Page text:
It is debate and speech season again, and we are currently recovering from our first tournament of the year. In other words: we are exhausted, sick of eating out and wondering if the pile of stuff from the van might magically put itself away. These are the days when it would be tempting to ask derisively, "Why bother? It costs a lot of money, it takes so much time, you are soooo tired. Is it worth it?"
As someone with limited finances and much more limited energy, I can answer that with a resounding YES. It is very much worth it.
Where do I begin? STOA is the name of the debate league, and the level of competition is high. There are months of preparation before the first tournament, including research of the topic (this year's topic is U.S. foreign policy toward Russia), in-club practice debating and inter-club practice tournaments. After all of the work, success is not easy. Winning is never a guarantee.
So if you don't win, is it worth it? Again, I say yes. Only one team will get first place, only a few teams will be on the stage at the end. If it was all about winning, it would only be worth it for a few people. There were 234 team policy debaters at this recent tournament, which means there were 117 teams. Participants were able to debate six times in the preliminary rounds, three negative rounds and three affirmative rounds. Every negative round teaches students about different cases and methods of argumentation; every affirmative round helps teams find the holes in their case in order to tighten it up for the future. Learning happens at every step for every team, not just the winners. And learning is worth it.
And it is not just learning about specific cases. I have watched my two older sons through three years of debating, and now I continue to watch Rex in his fourth year. They have worked through beginning jitters, experienced wretched losses, worked to be good partners, lost (and found) debate bags, made new friendships, enjoyed brilliant wins, and spent hours traveling hundreds of miles up and down California. They have learned to argue, analyze, translate and deliver arguments to judges who know far more than they do, far less than they do, and everything in between. They have won rounds they thought they lost, lost rounds they are SURE they won, and learned to manage the feelings that come with winning and losing.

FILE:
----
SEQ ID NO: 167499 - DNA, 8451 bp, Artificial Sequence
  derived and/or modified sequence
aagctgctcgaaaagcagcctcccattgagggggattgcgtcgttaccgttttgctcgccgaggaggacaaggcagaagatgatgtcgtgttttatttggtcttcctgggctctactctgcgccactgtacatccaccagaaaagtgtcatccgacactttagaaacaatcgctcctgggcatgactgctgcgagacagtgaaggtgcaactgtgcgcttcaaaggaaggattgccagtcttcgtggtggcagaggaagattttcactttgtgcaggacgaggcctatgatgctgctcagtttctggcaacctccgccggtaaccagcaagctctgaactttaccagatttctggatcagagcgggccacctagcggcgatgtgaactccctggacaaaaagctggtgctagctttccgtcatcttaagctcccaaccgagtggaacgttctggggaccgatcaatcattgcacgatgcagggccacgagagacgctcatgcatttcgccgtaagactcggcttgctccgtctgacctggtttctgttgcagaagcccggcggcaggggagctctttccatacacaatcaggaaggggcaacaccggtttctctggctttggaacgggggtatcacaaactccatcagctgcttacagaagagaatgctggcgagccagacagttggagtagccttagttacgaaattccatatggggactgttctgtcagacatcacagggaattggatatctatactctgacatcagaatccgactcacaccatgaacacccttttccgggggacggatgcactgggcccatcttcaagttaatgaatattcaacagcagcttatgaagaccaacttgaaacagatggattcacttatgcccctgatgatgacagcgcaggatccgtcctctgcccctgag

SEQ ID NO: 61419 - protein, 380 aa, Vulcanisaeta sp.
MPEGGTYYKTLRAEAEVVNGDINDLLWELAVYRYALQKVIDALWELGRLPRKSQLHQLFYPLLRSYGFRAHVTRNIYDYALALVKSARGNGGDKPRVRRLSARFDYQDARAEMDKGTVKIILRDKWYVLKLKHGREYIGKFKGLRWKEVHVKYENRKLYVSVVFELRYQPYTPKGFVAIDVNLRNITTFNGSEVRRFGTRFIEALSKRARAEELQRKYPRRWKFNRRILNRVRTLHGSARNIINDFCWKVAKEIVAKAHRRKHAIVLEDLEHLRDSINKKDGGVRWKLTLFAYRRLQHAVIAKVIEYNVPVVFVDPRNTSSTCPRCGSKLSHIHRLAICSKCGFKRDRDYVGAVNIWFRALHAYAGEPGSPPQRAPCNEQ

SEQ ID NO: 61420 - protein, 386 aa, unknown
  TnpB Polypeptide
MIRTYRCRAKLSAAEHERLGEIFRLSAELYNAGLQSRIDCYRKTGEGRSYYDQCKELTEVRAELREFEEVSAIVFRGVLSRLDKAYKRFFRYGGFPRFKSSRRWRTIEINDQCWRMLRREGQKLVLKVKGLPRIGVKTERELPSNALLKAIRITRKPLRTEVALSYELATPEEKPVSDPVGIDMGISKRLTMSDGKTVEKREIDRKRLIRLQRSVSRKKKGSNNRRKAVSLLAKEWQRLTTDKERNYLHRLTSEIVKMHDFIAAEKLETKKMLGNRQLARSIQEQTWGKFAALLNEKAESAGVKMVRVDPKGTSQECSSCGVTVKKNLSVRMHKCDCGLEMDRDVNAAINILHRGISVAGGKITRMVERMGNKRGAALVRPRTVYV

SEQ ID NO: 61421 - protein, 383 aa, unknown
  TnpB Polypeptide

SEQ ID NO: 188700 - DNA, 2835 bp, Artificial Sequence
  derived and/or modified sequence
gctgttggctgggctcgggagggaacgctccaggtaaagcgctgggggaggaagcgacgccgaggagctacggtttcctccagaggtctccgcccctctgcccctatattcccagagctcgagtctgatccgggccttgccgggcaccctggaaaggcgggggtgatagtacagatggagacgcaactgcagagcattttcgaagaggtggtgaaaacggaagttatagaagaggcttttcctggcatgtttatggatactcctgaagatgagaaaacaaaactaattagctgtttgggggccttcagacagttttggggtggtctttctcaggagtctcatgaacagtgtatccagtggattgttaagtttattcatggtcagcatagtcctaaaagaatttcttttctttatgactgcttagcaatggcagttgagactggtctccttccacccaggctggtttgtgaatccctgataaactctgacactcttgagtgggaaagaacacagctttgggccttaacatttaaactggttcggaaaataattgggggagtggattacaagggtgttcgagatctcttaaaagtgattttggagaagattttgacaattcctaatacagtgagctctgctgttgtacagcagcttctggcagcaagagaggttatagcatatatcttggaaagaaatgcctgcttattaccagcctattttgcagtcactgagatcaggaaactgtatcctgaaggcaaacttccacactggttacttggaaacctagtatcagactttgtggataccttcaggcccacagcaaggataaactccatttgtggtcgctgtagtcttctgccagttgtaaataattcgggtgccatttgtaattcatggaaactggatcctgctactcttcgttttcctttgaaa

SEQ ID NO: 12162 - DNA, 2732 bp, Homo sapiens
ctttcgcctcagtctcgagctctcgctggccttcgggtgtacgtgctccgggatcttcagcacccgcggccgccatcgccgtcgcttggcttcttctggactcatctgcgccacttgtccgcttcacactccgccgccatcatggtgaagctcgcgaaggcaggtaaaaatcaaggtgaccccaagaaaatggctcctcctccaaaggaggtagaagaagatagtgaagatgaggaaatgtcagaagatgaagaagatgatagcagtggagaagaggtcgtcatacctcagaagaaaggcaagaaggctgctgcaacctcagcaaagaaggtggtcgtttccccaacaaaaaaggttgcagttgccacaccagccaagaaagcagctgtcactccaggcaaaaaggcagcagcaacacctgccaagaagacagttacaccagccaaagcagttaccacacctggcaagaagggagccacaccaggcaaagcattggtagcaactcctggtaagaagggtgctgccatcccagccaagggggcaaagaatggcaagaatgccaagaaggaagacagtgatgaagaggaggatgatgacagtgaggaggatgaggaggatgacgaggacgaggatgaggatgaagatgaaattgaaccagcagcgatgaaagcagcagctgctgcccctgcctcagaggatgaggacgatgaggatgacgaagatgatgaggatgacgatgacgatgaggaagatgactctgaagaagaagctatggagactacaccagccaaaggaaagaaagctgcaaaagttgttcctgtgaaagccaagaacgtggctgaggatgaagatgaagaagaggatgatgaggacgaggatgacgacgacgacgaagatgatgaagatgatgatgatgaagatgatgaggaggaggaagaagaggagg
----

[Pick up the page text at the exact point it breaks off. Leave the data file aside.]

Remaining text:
Like life, the debate world can seem unfair, biased, subjective and disappointing. A student can work hard, deliver well, and still lose. Judges can totally misunderstand things, or ignore what seems obvious to debaters or the audience. But I have sat in enough basketball gyms to know that debate is not the only world with questionable calls. And I think good things happen in the character of a person who jumps in to the swirl, knowing that it is not all about how well they do. There are things outside of their control, and they have to learn to simply do their best and live with the results. Can we all agree that this is good preparation for life in the real world?
I was able to watch two of Rex's rounds at this last tournament. Four years ago he was practice debating his brother on the upstairs deck, working hard to remember all the new jargon and rules. What a difference a few years make. It was a pleasure to hear Rex explain, argue, defend and clarify points. I loved seeing him work with his brilliant partner, cross-examine opponents and be a gentleman through it all. I am a very proud mother.
Debate has allowed my sons to learn much more than speaking and argumentation skills. As I pay the dry cleaners, or go to sleep at 8:00 due to fatigue, or fill up the van with gas (again) to get to a tournament, I remind myself that this crazy life that we have chosen to participate is worth its weight in gold for the preparation it has provided. Win or lose, it is worth it.
Photography credit: The talented and hospitable Susan Keller who blogs at Short on Words. Thanks for everything, Susan.